Governor Palin to Take on Establishment in Iowa Tea Party Speech

Friday, September 2, 2011

Governor Palin's much-anticipated tea party speech in Iowa is tomorrow, September 3rd. Scott Conroy of Real Clear Politics, citing a Palin aide, reports:

Though she won't be a candidate when she delivers a major address at a tea party rally in Iowa on Saturday, Sarah Palin will make it clear that she if enters the presidential race later this month she will vociferously challenge Texas Gov. Rick Perry’s engrained image of solidarity with the tea party movement.

In her speech at the bucolic National Balloon Classic field in Indianola, Palin will lean on loaded phrases like “crony capitalism” and “permanent political class” in laying out her view of the U.S. political system’s deep-rooted ills, according to a source close to Palin and familiar with the content of the speech.

Though she will not call Perry out by name, Palin’s carefully couched rhetoric will leave the impression that she may soon draw more overt attention to one of the Texan’s potential vulnerabilities as a candidate: his history of doling out plum positions and other benefits to generous campaign donors during his nearly 11-year tenure as the nation’s longest serving governor.

“Part of what she’s going to be addressing is the frustration that many Americans feel that nothing gets done in Washington, D.C.,” a Palin source told RealClearPolitics. “We know that we have a debt problem and that we need to rein in government waste, and yet nothing ever gets done. Why is that? What special interests are involved?”

Palin’s speech before what will likely be one of the largest crowds of the campaign season to date will come on the third anniversary of her 2008 Republican convention address in the Twin Cities, when she accepted the vice presidential nomination in an almost universally acclaimed speaking performance.

In another likely indication that she still has her sights set on a White House run, Palin will also tout her record as governor of Alaska, particularly in ushering in what an aide described as “sudden and relentless reform” to state government.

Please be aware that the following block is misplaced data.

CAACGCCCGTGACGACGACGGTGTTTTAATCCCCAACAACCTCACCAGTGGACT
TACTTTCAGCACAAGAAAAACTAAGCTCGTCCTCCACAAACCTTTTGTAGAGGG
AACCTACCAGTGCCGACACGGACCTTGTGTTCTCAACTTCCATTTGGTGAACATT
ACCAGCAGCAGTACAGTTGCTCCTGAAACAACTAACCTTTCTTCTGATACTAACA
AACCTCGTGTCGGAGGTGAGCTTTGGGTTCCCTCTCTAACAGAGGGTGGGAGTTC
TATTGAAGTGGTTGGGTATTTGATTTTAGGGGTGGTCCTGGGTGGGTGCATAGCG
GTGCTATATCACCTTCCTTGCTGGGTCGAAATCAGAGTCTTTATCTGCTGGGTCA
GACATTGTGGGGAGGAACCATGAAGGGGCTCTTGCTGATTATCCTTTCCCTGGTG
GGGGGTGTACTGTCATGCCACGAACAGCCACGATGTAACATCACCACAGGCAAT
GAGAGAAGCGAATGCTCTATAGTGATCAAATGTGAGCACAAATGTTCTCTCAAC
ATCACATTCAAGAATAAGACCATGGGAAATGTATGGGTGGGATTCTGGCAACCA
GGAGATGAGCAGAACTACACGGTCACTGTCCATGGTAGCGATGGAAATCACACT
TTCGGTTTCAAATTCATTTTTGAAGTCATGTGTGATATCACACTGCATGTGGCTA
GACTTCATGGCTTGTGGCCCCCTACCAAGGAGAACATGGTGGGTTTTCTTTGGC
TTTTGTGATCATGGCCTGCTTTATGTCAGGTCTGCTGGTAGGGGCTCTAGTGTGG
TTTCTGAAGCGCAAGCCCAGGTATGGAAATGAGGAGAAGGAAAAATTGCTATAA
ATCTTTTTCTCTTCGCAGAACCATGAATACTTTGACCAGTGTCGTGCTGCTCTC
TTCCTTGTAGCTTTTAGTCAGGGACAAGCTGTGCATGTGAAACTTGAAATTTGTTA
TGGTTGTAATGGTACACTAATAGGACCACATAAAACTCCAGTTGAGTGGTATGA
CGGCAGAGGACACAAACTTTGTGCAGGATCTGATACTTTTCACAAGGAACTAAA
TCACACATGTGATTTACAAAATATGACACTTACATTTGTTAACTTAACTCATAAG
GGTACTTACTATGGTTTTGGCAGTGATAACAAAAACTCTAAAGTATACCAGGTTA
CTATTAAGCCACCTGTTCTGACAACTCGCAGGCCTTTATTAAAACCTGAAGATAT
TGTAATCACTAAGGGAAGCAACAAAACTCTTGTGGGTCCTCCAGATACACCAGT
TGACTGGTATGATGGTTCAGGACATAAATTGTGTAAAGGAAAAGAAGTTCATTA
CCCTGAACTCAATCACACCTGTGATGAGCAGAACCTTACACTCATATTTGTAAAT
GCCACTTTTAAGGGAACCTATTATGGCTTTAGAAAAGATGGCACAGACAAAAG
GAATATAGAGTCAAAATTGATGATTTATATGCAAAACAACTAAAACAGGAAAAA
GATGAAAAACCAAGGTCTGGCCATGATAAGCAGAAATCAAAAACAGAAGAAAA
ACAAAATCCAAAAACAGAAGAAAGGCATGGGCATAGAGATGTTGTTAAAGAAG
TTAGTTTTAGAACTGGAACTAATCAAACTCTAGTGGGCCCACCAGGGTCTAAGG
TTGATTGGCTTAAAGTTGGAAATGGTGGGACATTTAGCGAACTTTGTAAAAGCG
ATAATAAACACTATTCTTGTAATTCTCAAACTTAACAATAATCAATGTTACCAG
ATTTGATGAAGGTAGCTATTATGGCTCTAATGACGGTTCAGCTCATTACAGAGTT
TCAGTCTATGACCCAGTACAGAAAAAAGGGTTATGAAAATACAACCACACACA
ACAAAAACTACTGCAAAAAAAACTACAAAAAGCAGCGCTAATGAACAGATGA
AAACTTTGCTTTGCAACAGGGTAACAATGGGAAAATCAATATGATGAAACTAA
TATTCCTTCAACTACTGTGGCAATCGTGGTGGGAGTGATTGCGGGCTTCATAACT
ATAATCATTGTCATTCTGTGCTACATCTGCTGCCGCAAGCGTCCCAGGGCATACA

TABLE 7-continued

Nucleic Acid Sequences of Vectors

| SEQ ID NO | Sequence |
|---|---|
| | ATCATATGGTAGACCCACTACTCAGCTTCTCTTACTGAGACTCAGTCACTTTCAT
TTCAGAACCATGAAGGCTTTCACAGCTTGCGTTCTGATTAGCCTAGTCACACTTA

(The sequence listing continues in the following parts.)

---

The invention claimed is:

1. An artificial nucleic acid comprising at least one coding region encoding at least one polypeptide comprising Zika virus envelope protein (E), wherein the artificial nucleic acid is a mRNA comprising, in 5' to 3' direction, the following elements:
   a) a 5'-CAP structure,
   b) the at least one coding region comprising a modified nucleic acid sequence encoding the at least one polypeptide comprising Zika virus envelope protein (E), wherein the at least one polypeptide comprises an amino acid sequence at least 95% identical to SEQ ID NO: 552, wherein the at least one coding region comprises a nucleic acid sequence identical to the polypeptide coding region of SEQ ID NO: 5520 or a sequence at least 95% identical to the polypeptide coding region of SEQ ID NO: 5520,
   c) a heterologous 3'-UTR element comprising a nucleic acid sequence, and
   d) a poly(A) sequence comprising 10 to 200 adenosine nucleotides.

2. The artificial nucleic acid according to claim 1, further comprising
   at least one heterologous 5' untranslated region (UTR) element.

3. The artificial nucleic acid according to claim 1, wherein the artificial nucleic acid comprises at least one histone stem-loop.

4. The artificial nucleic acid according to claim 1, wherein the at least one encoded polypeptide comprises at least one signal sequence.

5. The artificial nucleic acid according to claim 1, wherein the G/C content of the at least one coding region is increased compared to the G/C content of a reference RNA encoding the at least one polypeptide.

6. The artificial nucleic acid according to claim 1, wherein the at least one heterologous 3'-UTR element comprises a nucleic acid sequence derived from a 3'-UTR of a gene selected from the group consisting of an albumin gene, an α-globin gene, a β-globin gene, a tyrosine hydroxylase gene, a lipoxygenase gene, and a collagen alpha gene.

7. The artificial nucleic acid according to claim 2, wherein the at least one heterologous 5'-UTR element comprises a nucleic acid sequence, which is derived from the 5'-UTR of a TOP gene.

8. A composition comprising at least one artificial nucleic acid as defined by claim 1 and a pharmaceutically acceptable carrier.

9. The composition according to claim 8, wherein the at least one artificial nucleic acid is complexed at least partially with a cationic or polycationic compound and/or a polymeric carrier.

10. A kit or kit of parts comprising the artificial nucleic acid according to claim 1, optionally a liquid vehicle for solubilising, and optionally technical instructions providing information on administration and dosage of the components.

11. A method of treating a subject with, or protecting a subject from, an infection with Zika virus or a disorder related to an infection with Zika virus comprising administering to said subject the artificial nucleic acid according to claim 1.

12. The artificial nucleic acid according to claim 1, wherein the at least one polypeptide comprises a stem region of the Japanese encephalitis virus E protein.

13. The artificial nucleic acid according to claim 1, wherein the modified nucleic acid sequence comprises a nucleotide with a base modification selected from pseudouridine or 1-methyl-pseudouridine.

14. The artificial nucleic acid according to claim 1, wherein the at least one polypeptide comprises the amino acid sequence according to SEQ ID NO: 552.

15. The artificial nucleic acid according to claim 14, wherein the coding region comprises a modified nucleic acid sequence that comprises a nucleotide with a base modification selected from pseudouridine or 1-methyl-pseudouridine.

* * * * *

“She’ll also address her own record in the sense that she has fought the powers that be her entire career in taking on the political machine and a corrupt political class in her own state,” the aide said.

Though she has lagged in third place in most recent national polls, Palin’s entry into the race would almost certainly turn the Republican field on its head and immediately alter the strategies of both Perry and former Massachusetts Gov. Mitt Romney -- the two front-runners for the GOP nomination.

A Palin campaign would also threaten to further sap support for Minnesota Rep. Michele Bachmann, who has sought to position herself as the ideologically purest small-government contender in the contest but who has faded in the polls since winning the Ames Straw Poll last month.


“Part of what she will address is . . . that tea party-elected people want to get things done, and then they encounter an intractable political mentality in D.C.,” the aide said. “They’re impervious to real reform, and that can’t continue any longer.”


Palin has previously indicated that she will decide whether to mount a White House run by the end of this month, and an aide said that there is no reason to believe there has been any change to that timeline.

Palin is booked for a speaking engagement in South Korea at a conference that runs from Oct. 11-13 -- overlapping with a scheduled debate in the first-in-the-nation primary state of New Hampshire -- but a source close to Palin told RCP that the engagement was not a recent addition to her schedule.

“It doesn’t affect any decision,” the source said. “That area of the world is very important."

Read the full article here.


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